2 2.1 Zero-Coupon Bonds and Discount Factors The ost basic type of fixed-incoe security is a zero-coupon bond. This type of security ake a single payent of aount F (called the face value) at a prescribed future date T (called the aturity date). Every security with deterinistic payents can be expressed as a portfolio of zero-coupon bonds. Most people have soe failiarity with interest rates because they are used in the descriptions of any coon financial transactions. One tricky point concerning interest rates is that they cannot be used to deterine payent aounts unless a copounding convention is specified. In other words, to copute payent aounts, one needs not only an interest rate, but also an additional convention (that is often hidden in the fine print ). There is a ore intrinsic concept, known as a discount factor, that does not rely on any additional conventions. The discount factor for tie T > 0, denoted D(T), is defined to be the tie-zero price of a zero-coupon bond having aturity T and face value F = 1. The no-arbitrage principle iplies that the tie-0 price of a zero-coupon bond with face value F and aturity is siply FD(T). Discount factors for various aturities can be inferred fro the prices of traded bonds. Various kinds of interest rates can then be coputed fro discount factors. 2.2 Basic Interest Rate Mechanics Suppose that at tie 0, an aount A > 0 is invested in zero-coupon bonds aturing at tie T > 0. The value of the investent at tie T will be A D(T) ; in other words, the capital will grow by a factor of 1/D(T). An interest rate is a way to describe the growth of capital in ters of a rate per unit of tie. Unless stated otherwise, we easure tie in years and interest rates will be expressed as annualized rates. There is ore than one convention for associating interest rates with discount factors. Suppose that soe oney is deposited in the bank at tie 0 and is left in the bank to be withdrawn at a future date T. At the withdrawl date the custoer will receive receive ore than the initial deposit. The difference between the final account value and the initial deposit is interest. The aount of interest to be paid will be based on the aount deposited, an interest rate, and a copounding convention. (The interest rate offered by the bank will generally be different for deposits of different lengths.) Unless otherwise stated, we assue that the interest rate for deposits is the sae as the rate for loans. Interest ay be either siple or copound. In order to describe the basic echanics of interest calculations, we shall assue that an initial aount A > 0 is invested at tie 0, that no additional investents (or withdrawals) are ade, and that the annual interest rate is r 0. We are interested in the value V T of the investent at the aturity date T. Analogous forulas apply to the case of a loan. (Indeed, a loan can be considered as an investent of an aount A < 0.) 38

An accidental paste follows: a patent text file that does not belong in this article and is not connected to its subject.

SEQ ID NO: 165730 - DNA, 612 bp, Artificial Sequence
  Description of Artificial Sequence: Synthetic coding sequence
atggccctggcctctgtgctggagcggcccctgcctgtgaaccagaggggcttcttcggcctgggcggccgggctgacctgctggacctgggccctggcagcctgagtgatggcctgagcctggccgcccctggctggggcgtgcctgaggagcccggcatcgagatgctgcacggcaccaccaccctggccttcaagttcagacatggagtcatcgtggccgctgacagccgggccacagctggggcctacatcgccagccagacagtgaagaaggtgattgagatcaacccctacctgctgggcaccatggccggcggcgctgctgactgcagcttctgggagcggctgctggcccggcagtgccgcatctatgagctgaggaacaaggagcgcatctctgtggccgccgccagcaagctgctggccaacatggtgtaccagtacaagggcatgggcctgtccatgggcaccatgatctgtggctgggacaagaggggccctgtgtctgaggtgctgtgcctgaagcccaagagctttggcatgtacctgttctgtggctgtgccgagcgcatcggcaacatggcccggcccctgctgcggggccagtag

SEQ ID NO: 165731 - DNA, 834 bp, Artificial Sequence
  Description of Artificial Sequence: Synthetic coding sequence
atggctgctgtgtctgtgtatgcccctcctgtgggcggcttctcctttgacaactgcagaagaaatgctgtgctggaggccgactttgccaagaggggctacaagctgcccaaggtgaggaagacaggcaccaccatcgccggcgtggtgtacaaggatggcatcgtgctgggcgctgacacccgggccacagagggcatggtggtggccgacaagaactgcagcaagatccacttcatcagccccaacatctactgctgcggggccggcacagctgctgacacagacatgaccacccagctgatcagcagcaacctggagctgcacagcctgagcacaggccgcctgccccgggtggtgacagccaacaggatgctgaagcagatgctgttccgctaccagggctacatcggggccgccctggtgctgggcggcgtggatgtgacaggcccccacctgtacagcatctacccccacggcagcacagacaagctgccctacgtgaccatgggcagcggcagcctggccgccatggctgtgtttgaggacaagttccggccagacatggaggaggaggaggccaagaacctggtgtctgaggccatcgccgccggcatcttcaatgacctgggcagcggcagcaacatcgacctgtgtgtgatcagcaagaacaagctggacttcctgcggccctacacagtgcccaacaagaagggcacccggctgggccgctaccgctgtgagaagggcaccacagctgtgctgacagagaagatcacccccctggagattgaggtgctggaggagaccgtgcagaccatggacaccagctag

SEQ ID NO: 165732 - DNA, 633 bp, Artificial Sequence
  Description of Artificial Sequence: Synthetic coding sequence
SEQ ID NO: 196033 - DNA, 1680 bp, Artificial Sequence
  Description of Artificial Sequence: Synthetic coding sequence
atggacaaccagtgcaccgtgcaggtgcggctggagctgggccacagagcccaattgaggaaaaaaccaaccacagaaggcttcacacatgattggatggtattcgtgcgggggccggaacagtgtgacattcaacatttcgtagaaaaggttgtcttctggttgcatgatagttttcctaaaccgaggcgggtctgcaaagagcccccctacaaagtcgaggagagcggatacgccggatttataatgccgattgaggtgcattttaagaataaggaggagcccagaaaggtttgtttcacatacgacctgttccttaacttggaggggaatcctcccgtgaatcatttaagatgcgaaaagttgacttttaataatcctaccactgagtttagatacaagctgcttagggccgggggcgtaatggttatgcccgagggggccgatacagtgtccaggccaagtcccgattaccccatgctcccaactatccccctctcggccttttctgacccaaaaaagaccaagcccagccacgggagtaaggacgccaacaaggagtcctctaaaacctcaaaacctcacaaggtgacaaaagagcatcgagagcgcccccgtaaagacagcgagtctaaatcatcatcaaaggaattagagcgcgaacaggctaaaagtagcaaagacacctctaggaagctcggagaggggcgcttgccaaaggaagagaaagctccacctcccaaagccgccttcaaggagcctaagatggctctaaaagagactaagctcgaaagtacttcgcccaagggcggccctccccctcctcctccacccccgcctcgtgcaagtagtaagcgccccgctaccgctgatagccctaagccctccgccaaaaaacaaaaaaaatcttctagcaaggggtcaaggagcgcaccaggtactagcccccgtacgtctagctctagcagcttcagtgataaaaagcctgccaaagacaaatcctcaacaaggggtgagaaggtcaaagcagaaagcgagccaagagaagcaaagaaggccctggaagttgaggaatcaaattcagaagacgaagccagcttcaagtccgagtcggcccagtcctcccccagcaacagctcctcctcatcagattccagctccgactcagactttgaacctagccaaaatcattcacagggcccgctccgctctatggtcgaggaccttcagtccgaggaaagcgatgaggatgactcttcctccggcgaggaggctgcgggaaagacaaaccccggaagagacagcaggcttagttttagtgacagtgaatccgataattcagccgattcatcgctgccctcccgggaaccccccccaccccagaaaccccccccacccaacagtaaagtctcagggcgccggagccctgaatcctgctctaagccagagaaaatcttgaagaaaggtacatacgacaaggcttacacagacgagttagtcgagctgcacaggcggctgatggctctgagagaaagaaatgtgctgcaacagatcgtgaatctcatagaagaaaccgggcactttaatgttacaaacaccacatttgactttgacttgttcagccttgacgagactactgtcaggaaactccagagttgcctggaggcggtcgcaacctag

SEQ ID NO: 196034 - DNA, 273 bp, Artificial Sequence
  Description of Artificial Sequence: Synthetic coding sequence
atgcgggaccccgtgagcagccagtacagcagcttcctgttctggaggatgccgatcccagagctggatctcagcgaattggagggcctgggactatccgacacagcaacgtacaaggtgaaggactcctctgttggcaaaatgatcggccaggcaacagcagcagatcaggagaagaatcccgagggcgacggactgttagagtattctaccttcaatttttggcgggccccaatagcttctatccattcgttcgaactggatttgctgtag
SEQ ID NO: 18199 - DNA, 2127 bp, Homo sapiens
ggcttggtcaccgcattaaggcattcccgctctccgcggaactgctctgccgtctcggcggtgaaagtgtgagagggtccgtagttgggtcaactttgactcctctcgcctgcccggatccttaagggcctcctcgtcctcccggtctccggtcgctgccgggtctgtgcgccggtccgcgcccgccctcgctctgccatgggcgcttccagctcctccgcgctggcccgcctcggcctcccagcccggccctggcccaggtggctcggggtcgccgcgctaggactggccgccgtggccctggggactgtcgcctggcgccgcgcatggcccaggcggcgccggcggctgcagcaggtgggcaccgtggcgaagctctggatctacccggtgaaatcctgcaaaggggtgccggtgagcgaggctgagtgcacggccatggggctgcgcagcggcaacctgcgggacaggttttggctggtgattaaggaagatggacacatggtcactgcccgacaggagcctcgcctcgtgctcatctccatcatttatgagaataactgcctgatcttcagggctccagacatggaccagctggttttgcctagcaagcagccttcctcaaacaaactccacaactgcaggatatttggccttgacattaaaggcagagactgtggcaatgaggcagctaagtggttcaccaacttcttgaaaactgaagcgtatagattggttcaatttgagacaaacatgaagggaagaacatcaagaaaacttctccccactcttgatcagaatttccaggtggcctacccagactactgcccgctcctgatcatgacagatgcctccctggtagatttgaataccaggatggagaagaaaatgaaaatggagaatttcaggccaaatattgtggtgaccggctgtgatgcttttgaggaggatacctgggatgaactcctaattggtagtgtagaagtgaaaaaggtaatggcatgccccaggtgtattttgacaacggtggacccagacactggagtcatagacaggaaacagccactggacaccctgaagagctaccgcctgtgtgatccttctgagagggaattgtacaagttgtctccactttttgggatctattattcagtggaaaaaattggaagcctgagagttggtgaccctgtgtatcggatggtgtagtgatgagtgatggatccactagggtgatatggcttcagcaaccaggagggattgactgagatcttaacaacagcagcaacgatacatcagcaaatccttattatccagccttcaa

3 Reark 2.1. Unless stated otherwise, all interest rates should be assued to be nonnegative. Under extree econoic conditions it can happen that interest rates becoe slightly negative. (This ay see strange because with a negative interest a deposit would lose oney, so it would be better to just hold on to the oney. However, it would not be wise to store $100,000,000 under your attress or even in your office safe.) It is quite rare for this to happen and if it does the rates generally are only negative by a few one hundredths of a percentage point, and becoe positive again after a short period of tie Siple Interest The interest earned up to tie T is siply equal to rta. (This is just the failiar forula Interest = (Principal) (rate) (tie).) Therefore, we have V T = A + rta = A(1 + rt). In practice, the siple interest convention is used only for investents or loans of relatively short aturity (one year or less). Exaple 2.2. (a) Suppose that you invest $100 for 3 onths in an account paying 4% siple interest. At the end of three onths, you will have in the account V.25 = $100(1 + (.04).25) = $101 (b) Suppose that you invest $2,500 for 9 onths in account paying 6.6% siple interest. At the end of 9 onths you will have in the account Annual Copounding V.75 = $2, 500(1 + (.066).75) = $2, Suppose that an aount A is to be left on deposit for N years, where N is a positive integer. If interest is coputed according to the annual copounding convention at rate r, the account value is updated to be A(1 + r) at the end of year one. The interest that will be credited to the account at the end of year two is ra(1 + r) and consequently the account value is updated to A(1 + r) + ra(1 + r) = A(1 + r) 2. 39